In addition to the additional documentation require of a business entity seller, the biggest concern is that the business entity is active and in good standing with the State of Rhode Island.  The following documents and information will be needed from a business/corporate seller prior to the closing:  1.  Letter of Good Standing from the State of Incorporation/Organization.  2.  Letter of Good Standing from the Division of Taxation.  3.  Articles of Organization.  4.  Corporate Authority/Minutes or LLC Resolutions.  5.  If LLC, documentation on how the LLC is taxed.

Properties Held in a Trust:

A copy of the Trust Agreement will need to be provided to and reviewed by the closing attorney.  One of the biggest issues with a Trust seller has to do with the residency requirements.  As stated above, Rhode Island charges a non-resident seller a 6% withholding tax.  When dealing with a trust it is not the residency of the trust that matters, but the residency of each and every beneficiary of the trust.  In order to avoid the non-resident issue noted above all beneficiaries must be Rhode Island residents.  If one or more are not, then the RI non-resident paperwork must be completed and filed and a discharge obtained.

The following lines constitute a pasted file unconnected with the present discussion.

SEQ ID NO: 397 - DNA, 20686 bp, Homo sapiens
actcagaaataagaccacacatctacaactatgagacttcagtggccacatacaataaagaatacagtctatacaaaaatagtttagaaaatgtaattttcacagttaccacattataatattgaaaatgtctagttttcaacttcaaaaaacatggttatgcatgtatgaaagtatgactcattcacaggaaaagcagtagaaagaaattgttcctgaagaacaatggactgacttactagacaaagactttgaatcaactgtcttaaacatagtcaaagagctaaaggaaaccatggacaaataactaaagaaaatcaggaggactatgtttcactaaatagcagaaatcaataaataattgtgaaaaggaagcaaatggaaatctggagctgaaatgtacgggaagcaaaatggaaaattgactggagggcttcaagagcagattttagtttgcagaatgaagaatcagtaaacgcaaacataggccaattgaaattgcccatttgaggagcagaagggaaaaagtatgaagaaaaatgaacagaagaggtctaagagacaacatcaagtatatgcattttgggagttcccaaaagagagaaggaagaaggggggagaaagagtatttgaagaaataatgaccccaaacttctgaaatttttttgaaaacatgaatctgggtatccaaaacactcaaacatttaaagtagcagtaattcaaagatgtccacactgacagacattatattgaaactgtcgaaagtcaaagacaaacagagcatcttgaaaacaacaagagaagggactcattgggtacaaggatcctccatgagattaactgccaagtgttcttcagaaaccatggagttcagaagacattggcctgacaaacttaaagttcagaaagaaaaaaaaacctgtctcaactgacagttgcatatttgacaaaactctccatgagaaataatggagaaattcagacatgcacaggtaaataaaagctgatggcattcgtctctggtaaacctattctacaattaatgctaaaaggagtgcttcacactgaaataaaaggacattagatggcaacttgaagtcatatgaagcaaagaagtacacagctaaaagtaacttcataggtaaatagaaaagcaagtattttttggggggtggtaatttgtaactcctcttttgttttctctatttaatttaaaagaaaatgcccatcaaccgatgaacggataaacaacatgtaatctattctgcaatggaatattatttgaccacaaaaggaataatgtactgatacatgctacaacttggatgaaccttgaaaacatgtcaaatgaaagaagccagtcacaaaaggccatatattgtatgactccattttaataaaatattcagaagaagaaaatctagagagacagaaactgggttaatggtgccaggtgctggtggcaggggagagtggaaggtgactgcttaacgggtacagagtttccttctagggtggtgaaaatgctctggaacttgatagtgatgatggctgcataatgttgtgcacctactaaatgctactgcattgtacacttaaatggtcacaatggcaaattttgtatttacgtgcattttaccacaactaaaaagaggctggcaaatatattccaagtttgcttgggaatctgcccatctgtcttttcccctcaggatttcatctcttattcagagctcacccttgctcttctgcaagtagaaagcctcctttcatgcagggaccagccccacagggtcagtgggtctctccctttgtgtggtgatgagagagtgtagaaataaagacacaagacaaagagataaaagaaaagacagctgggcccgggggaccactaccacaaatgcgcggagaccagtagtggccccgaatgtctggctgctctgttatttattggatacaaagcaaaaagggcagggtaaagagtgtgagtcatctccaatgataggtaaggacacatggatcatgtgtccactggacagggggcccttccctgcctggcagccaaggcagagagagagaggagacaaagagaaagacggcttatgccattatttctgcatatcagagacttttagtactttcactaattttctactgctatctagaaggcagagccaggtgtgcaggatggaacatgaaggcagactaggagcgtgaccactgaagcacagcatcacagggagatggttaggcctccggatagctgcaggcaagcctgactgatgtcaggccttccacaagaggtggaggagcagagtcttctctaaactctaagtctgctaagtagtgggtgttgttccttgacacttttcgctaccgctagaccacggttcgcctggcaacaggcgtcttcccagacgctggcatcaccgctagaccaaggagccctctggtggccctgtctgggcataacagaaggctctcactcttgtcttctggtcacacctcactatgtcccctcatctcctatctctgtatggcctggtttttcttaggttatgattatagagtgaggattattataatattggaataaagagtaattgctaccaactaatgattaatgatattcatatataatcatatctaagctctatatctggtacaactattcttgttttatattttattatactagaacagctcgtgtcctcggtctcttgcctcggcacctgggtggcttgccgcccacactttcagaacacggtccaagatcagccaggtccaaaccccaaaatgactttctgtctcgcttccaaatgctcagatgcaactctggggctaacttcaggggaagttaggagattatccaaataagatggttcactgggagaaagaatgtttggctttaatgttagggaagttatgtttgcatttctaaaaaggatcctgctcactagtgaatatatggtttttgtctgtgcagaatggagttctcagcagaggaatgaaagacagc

Finally, a Memo of Trust must be prepared and recorded along with certain pages of the Trust document.

Property is a Condominium

A condominium resale certificate must be requested and obtained from the condominium association well in advance of the closing.  Most condo associations charge a fee for the resale certificate ranging from $50 - $300 on average.  The original must be brought to closing.

Standard Items Needed for All Closings:

1.  Smoke Certificate – R.I. law requires that all properties being sold be inspected by the local fire marshal for properly installed and operational  smoke and carbon monoxide detectors and obtain a passing certificate prior to closing.  The original smoke certificate needs to be provided to the closing attorney.

2. Final Water Reading – a final water meter reading should be obtained approximately 5 – 7 days prior to the closing date and provided to the closing attorney

3. Oil Certificate – If oil remains in the tank and the seller wants reimbursement for same from the buyer at closing, the seller should obtain a certificate from an oil company stating the number of gallons remaining in the tank and the current per gallon price.

Tomassi Law Associates, LLC works with Sellers to provide effective and efficient seller representation from start to finish in a real estate transaction.  We make sure that all of the above is accounted for and will prepare all of the required legal documents for the closing on the seller’s behalf.  We also will review the Purchase Contract prior to signing and will attend the closing with the Seller.

If you are thinking about selling or are already in the process of selling - call Attorney Jared Tomassi today at 401-941-LAW1 (5291) or email at jared@attorney-ri.com.